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Title: Magnetism and superconductivity in iron pnictides and iron chalcogenides
Author: Wright, Jack Daniel
Awarding Body: University of Oxford
Current Institution: University of Oxford
Date of Award: 2013
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This thesis presents a study on several series of unconventional Fe-based superconductors; namely, derivatives of NaFeAs and LiFeAs, as well as molecular-intercalated FeSe. Primarily using muon spin rotation (SR), but also x-ray diffraction (XRD) and magnetic susceptibility measurements, the nature of both magnetic and superconducting phases within these systems is studied. Particular attention is focussed on how these states compete or coexist with one another. The aforementioned experimental techniques are first used to explore the phase diagram of NaFe1xCoxAs. This phase diagram includes regions of long-range antiferromagnetism and short-range order, that both coexist with superconductivity. Magnetism is gradually destroyed, primarily through a diminishment of the size of the ordered moment, as superconductivity is enhanced by Co substitution. This interplay is explored in detail. By contrast, superconductivity in LiFeAs cannot be enhanced by transition metal substitution, suggesting that it is intrinsically optimally-doped. I investigate this conclusion by studying the evolution of the penetration depth in superconducting compositions of LiFe1xCoxAs and LiFe1xNixAs, and comparing these data to those from other electron-doped systems. I also study an unusual and emergent magnetic phase in Li1yFe1+yAs. This work suggests that LiFeAs supports a superconducting phase that resembles those in other Fe-pnictides, but is uniquely close to an additional magnetic instability. I then move on to the study of a recently discovered series, based on FeSe intercalated with ammonia and various metals. I study both the penetration depth and the intrinsic magnetic phases in these systems using SR and compare them with other compounds based on FeSe. I find that these intercalated systems support spacially separated regions of dynamic magnetism and superconductivity and I discuss how much these phases depend on the precise chemical details of the intercalated layer. Finally, I return to the experimental study of NaFe1xCoxAs, extending the range of techniques employed by using high-field magnetometry and high-pressure SR. These studies reveal new features of this system that were not accessible using low-field and ambient-pressure methods. In particular, I show that the magnetic moment size in NaFeAs unexpectedly increases with pressure, suggesting that the electronic structure of this compound may be unique amongst known Fe-based superconductors.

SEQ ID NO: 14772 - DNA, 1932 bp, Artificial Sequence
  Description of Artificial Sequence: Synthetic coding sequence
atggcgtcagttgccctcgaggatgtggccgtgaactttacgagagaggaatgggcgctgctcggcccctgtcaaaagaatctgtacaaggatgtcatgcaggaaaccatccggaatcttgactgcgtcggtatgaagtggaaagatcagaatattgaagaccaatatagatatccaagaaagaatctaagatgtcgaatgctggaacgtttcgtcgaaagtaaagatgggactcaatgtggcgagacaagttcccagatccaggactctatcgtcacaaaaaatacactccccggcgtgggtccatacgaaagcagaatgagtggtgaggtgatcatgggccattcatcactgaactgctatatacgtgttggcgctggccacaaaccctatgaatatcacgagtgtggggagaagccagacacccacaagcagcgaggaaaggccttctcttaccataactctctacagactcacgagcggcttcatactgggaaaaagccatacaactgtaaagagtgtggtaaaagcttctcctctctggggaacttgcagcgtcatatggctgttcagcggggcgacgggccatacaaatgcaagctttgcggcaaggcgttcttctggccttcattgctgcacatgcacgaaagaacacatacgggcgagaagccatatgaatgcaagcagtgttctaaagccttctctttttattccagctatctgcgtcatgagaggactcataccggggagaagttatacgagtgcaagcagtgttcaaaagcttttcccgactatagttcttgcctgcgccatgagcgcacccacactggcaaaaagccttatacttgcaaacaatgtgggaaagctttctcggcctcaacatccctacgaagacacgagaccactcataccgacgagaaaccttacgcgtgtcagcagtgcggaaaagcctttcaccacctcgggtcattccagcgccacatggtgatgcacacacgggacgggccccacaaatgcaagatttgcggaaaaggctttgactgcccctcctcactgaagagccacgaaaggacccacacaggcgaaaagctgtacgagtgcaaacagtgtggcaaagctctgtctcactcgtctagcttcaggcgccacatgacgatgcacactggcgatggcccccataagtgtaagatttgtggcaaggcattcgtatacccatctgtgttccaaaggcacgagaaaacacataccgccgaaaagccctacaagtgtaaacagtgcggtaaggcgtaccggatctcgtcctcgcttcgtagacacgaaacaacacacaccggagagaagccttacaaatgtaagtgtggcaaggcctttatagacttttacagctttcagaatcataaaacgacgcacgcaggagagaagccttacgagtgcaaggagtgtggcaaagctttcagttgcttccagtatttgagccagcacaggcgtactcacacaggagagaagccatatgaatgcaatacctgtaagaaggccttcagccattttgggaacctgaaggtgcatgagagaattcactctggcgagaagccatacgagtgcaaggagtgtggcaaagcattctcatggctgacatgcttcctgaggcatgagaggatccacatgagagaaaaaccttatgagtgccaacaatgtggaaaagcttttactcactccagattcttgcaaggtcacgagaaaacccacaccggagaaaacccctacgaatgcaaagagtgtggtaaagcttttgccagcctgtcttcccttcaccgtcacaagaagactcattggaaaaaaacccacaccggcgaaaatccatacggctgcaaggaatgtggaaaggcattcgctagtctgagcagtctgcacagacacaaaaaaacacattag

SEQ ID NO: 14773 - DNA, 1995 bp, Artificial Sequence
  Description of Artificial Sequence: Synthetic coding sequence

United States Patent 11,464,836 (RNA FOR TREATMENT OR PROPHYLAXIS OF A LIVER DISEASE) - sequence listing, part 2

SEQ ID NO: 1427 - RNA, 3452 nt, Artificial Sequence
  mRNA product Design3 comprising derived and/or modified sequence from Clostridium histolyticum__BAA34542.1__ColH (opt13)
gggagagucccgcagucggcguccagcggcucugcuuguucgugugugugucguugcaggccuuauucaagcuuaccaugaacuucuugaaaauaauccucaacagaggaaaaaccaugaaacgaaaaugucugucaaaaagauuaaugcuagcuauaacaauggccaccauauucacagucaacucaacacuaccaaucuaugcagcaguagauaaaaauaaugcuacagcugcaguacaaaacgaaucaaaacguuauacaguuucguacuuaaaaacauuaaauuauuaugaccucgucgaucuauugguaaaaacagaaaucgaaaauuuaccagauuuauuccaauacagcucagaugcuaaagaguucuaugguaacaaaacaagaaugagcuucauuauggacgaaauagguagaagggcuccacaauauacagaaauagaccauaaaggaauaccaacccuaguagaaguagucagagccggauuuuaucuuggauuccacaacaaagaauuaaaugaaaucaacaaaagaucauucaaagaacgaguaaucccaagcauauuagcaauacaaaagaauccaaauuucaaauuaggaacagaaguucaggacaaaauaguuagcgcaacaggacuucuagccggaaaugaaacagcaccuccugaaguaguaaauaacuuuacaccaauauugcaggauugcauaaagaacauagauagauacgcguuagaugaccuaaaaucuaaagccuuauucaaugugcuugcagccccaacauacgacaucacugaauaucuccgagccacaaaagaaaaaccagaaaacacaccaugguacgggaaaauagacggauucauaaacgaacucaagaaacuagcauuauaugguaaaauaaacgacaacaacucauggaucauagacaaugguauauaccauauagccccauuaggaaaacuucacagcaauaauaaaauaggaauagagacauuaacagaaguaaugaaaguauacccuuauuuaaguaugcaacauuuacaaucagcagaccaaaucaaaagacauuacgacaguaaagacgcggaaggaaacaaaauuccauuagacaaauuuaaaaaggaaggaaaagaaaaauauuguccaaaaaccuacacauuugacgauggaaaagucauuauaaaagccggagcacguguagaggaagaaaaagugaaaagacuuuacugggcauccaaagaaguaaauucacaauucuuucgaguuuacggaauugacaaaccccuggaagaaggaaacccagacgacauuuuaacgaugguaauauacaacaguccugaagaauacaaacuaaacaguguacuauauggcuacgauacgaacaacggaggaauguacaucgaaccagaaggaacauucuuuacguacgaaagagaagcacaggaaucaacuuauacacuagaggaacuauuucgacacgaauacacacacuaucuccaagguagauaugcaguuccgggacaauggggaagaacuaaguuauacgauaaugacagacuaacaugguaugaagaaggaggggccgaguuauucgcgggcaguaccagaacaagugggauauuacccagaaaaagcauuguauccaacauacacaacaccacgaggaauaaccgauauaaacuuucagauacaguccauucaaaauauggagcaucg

Supervisor: Blundell, Stephen; Clarke, Simon Sponsor: Not available
Qualification Name: Thesis (Ph.D.) Qualification Level: Doctoral
EThOS ID:  DOI: Not available
Keywords: High-Temperature Superconductivity ; Solid state chemistry ; Condensed Matter Physics ; Magnetism ; superconductivity ; muon spin rotation